Potential House Messaging Issues: House Majority Leader McCarthy plans to bring up two packages of jobs and energy legislation and a healthcare bill in September. The jobs legislation draws from a list of 40 previously passed House bills. The energy package would primarily approve a series of already-passed House measures, including legislation approving the Keystone XL pipeline (H.R. 3), limiting environmental regulations (H.R. 1582), and opening federal lands to energy extraction (H.R. 4899). The healthcare legislation (H.R. 3522) permits a health insurance issuer that has in effect health insurance coverage in the group market on any date during 2013 to continue offering such coverage for sale during 2014 outside of a health care exchange established under the Patient Protection and Affordable Care Act.

Potential Senate Messaging Issues: Senate Majority Leader Harry Reid (D-NV) has identified several bills for debate, including legislation to raise the minimum wage (S. 2223), address pay equity issues (S. 2199) and student loan rates (S. 2432), and guarantee access to contraception (S. 2578), as well as a constitutional amendment to limit campaign contributions and spending (S.J. Res. 19).

What to Expect in the Lame Duck?

Tax Inversion: The lame duck could see language intended to rein in the practice of corporations moving their headquarters outside the U.S. in order to reduce their tax burden. Several appropriations bills in the House have already included amendments intended to address the issue, and House Minority Leader Nancy Pelosi (D-CA) has said that, in light of the fact that few, if any, spending bills are expected to pass as stand- alone measures, she wants to see the issue addressed in the CR. There was initial speculation that tax inversion language would be included in September CR negotiations, but we now anticipate the debate to wait at least until the lame duck session. Republicans and Democrats both support the House amendments, and President Obama has also weighed in against the practice. Senate Finance Committee Chairman Wyden and Ranking Member Orrin Hatch (R-UT) are said to be working on legislation to address the issue, most likely by limiting the tax deductions available to companies that shift their headquarters outside the U.S. while still primarily operating here. Senator Chuck Schumer (D-NY) recently unveiled a proposal to diminish the appeal of tax inversion by reducing the amount of deductible interest for inverted companies from 50 percent to 25 percent. His proposal would capture all inversions dating back to 1994.

Satellite Television Extension and Localism Act (STELA) Reauthorization: This law expires on December 31, 2014, so reauthorization is a top priority, and could serve as a vehicle for other video related provisions. The House approved a reauthorization bill, H.R. 4572, in July, while the Senate Judiciary Committee approved a reauthorization bill in June. Still to act is the Senate Commerce Committee, which may mark up a bill on September 17th, called the Satellite Television Access and Viewers Rights Act (STAVRA) that will soon be introduced by Chairman Jay Rockefeller (D-WV) and Ranking Member John Thune (R-SD).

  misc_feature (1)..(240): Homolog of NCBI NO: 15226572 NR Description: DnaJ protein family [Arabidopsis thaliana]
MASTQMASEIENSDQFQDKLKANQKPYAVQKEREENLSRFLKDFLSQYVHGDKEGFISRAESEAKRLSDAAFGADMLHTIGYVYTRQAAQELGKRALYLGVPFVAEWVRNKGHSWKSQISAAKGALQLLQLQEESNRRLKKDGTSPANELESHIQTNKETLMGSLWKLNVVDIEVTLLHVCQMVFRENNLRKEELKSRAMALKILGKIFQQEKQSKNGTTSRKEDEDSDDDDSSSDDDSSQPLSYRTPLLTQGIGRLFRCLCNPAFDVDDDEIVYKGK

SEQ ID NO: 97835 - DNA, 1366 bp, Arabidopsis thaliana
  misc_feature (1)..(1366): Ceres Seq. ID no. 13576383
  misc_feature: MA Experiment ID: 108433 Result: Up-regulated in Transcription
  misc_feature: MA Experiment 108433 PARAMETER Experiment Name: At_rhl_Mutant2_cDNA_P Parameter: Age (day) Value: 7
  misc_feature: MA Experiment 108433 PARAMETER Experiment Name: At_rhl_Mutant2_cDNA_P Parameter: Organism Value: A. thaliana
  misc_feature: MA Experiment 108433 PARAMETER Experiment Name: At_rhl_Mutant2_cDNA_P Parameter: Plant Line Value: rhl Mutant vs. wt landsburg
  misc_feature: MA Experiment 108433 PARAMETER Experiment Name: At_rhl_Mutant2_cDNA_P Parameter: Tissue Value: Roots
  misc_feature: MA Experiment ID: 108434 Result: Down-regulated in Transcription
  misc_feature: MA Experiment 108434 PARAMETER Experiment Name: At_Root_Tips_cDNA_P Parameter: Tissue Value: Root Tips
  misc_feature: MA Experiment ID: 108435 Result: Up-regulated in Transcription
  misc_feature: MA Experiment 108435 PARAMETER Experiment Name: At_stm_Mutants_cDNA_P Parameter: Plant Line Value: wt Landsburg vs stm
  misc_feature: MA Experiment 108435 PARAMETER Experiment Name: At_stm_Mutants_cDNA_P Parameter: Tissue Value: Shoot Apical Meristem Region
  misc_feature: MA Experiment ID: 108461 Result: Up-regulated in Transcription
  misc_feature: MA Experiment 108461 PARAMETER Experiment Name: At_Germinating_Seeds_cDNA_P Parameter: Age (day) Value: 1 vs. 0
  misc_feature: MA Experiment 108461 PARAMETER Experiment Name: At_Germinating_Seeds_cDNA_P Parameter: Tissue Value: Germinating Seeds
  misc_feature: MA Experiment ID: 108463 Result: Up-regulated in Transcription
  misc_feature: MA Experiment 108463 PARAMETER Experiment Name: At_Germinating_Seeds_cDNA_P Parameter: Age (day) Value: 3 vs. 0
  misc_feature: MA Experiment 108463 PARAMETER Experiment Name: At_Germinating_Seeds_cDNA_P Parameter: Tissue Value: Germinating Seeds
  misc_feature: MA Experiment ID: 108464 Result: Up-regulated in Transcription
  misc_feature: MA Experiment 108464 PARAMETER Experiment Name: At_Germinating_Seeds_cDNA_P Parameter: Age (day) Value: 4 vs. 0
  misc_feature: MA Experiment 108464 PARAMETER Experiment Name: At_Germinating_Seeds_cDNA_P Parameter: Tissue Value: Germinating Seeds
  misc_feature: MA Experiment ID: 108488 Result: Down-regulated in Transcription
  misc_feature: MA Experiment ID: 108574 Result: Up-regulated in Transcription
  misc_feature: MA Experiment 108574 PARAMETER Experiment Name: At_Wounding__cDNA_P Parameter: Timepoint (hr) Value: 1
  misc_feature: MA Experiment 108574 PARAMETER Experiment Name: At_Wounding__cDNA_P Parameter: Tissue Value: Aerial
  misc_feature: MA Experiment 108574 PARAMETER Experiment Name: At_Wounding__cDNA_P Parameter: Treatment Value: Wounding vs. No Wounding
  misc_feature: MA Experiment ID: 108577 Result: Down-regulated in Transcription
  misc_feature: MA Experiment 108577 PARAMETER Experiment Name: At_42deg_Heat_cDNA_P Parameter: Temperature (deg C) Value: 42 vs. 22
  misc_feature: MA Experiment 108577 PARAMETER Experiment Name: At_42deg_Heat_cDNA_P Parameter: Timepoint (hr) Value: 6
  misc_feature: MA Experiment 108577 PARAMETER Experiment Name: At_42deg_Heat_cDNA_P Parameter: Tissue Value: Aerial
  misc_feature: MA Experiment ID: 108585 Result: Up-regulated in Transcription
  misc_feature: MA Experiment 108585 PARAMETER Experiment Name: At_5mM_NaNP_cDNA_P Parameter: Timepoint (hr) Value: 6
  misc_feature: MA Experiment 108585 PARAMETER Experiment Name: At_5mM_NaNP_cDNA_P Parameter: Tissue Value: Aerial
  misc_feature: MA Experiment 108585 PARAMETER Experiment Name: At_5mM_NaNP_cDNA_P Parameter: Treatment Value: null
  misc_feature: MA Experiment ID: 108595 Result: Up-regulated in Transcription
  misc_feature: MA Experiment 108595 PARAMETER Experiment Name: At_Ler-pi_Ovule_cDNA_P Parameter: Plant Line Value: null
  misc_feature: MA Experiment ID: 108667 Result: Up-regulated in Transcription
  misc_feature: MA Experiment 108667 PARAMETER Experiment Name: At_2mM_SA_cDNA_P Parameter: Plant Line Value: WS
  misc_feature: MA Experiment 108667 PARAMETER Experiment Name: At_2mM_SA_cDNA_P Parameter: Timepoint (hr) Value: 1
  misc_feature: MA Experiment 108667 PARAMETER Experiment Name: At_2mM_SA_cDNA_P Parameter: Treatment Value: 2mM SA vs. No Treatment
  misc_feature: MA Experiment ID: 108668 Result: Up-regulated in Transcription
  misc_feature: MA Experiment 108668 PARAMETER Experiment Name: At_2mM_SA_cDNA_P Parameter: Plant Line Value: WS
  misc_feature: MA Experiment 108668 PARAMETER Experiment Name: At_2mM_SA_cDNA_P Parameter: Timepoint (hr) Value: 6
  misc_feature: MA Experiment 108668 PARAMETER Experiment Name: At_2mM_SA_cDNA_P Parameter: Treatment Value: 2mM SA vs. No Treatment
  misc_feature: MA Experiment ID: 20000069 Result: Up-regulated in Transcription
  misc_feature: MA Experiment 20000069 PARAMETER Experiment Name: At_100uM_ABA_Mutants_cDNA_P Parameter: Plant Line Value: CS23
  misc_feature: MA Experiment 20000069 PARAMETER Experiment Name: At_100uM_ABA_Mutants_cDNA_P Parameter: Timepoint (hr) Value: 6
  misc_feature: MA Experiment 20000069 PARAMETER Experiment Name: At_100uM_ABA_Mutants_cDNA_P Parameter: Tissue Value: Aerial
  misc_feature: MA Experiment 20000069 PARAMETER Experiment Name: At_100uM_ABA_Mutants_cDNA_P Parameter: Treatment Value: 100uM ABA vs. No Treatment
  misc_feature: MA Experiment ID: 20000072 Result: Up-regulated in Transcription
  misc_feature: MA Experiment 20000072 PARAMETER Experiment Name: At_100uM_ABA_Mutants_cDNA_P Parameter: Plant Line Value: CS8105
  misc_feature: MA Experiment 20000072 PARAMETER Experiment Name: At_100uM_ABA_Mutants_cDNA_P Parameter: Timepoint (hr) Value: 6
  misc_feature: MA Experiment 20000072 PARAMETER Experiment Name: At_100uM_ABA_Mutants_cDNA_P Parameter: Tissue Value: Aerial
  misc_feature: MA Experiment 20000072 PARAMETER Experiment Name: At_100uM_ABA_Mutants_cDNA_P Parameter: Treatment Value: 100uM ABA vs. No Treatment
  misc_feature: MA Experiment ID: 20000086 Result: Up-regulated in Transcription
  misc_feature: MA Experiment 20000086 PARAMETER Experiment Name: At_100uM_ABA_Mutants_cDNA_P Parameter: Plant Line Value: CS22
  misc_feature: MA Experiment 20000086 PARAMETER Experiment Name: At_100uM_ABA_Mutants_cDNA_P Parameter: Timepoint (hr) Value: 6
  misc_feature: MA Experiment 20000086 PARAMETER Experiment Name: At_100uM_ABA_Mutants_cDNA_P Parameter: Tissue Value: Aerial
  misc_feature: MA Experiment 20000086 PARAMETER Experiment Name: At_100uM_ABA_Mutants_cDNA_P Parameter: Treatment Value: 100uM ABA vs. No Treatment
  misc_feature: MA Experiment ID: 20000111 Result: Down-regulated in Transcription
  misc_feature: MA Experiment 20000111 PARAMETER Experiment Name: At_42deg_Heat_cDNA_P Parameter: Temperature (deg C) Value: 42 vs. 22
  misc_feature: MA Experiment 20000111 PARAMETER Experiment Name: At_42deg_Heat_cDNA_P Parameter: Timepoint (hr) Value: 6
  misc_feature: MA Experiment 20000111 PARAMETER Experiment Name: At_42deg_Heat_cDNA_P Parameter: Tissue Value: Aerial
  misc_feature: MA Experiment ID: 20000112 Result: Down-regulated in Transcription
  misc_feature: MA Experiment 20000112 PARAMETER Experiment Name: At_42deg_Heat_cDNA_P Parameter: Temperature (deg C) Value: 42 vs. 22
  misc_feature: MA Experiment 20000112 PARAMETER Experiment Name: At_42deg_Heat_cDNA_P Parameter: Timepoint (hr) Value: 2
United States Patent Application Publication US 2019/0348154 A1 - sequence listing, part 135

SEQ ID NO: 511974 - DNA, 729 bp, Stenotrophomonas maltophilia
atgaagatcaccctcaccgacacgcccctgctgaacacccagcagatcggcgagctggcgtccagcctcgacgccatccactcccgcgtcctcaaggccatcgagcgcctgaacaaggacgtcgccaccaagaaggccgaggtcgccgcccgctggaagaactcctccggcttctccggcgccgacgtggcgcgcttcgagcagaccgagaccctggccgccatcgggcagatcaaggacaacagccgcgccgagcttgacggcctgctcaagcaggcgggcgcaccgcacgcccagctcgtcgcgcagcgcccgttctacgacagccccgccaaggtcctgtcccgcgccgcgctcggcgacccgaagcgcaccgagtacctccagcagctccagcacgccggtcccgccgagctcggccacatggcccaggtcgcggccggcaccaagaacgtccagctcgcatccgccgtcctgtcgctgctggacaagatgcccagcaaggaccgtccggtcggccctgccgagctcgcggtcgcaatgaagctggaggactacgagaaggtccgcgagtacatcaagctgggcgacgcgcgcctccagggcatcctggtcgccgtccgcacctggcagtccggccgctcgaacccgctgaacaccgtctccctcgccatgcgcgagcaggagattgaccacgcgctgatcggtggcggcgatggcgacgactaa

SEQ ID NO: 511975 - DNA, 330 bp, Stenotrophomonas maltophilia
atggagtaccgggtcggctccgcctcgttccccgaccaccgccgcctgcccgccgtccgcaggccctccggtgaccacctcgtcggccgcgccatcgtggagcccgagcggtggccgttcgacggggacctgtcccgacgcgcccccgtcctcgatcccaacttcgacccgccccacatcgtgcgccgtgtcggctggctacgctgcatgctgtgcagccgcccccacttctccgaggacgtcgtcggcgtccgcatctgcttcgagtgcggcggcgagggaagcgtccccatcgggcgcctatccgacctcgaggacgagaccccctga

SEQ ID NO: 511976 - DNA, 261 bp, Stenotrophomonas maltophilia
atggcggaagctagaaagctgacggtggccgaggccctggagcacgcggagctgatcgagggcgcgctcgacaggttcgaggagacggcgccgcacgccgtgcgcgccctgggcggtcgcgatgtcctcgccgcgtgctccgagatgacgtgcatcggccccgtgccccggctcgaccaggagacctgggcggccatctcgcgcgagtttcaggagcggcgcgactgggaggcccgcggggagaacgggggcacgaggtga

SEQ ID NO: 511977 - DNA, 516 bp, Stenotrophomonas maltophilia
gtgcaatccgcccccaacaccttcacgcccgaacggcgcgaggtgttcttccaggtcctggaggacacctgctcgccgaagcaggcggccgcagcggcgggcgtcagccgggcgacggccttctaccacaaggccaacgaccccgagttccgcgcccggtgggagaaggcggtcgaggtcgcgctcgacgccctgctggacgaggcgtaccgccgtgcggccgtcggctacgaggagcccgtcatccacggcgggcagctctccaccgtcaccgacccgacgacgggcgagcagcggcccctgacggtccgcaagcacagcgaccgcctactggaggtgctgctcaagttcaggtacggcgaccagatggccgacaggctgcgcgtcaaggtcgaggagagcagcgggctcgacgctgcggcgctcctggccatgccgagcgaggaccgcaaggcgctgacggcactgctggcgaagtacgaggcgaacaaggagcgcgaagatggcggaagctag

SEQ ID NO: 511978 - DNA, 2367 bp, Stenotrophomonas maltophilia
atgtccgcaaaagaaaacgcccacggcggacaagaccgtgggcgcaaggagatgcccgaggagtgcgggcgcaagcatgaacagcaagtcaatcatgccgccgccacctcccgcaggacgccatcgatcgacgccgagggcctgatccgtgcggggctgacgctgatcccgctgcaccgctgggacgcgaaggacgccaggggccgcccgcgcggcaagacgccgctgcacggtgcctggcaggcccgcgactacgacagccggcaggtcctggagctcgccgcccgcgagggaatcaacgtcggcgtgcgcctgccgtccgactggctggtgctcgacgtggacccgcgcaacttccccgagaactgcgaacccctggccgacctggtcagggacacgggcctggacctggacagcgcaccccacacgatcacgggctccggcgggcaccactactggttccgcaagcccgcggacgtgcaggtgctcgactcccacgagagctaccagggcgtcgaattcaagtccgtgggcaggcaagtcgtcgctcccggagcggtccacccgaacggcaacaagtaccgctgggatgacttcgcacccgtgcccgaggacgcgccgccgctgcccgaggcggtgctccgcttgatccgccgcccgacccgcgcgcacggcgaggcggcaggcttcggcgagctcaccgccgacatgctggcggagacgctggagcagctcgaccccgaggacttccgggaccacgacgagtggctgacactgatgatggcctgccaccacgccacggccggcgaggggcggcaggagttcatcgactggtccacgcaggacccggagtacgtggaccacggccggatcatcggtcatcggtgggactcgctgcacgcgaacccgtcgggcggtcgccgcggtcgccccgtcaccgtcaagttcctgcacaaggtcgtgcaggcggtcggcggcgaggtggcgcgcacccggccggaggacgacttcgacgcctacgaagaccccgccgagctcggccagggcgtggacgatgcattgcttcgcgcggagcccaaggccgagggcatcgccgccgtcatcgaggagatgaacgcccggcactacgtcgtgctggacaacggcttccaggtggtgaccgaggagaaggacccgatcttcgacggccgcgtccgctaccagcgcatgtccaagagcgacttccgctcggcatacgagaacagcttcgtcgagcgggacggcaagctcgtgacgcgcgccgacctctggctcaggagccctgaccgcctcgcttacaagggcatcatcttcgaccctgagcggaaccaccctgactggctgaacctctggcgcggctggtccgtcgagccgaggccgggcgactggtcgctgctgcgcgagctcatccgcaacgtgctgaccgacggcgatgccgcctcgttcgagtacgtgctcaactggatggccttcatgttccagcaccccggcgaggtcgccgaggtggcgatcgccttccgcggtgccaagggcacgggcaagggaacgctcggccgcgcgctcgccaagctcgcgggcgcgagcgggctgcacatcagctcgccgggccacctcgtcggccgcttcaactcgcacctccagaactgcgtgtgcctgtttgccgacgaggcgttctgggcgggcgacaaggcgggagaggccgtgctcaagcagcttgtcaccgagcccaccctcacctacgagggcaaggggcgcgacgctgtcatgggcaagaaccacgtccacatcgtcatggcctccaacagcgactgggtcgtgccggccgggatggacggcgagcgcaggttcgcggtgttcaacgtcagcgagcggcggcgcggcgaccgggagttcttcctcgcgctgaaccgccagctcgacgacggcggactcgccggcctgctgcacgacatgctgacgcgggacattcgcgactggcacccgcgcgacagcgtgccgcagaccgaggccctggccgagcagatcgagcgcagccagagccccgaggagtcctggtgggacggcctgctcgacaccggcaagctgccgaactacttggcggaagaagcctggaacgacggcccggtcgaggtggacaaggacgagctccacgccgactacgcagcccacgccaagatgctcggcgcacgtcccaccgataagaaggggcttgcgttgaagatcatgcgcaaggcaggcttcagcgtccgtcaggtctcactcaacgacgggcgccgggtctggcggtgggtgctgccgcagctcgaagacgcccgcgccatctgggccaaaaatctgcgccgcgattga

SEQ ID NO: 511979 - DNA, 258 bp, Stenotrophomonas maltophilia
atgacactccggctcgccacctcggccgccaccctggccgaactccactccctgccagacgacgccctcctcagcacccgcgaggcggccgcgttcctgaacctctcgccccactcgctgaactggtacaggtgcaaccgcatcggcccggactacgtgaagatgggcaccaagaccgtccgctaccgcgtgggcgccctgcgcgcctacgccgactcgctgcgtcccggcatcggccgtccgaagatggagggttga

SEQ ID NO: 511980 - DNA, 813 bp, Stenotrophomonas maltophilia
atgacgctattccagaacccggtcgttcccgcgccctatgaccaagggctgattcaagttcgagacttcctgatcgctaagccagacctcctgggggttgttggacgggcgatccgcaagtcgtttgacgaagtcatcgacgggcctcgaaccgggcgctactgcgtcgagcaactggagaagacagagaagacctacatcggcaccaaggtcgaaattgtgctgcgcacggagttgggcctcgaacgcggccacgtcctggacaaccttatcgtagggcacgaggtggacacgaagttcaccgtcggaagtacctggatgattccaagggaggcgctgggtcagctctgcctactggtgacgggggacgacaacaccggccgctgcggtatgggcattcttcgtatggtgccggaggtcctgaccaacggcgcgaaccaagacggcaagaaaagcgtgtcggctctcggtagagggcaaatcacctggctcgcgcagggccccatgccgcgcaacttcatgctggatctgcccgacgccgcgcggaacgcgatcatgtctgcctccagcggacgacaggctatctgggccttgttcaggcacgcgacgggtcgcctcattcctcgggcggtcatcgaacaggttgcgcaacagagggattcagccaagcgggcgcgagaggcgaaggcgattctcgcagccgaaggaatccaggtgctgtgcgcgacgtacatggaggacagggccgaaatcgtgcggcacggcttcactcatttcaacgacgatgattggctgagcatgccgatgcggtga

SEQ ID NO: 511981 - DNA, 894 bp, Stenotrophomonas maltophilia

National Defense Authorization Act (NDAA): Considered “must-pass” legislation, Congress has not failed to approve an annual defense bill for more than half a century, so there is every expectation that they will do so again this year. The Senate Armed Services Committee has approved its bill and it awaits approval by the full Senate, while the House approved its bill in May. Like the FY15 CR, the NDAA is also sure to serve as a vehicle for various other issues, including a review of the 1033 program by which the Pentagon transfers surplus military equipment to local law enforcement agencies. The review, proposed by Senate Armed Services Committee Chairman Carl Levin (D-MI), comes in light of the recent events in Ferguson, MO.

Expiring Provisions Improvement Reform and Efficiency (EXPIRE) Act: The Senate Finance Committee approved this “tax extenders” package on April 3rd. The bill would extend certain expired and expiring tax provisions through December 31, 2015. After failing to move earlier this year because of a disagreement over amendments, Senate Majority Leader Harry Reid (D-NV) has said that if the EXPIRE Act is taken up this year it will be during the post-election lame duck session. The House has taken a different approach, voting to permanently extend a handful of credits as part of “tax reform lite” and preferring to let the rest expire. The differences in approach between the chambers will complicate final passage. If tax extender battles from recent years are any indication, the Senate version usually enjoys the upper hand, though the results of the midterms may make this an atypical year.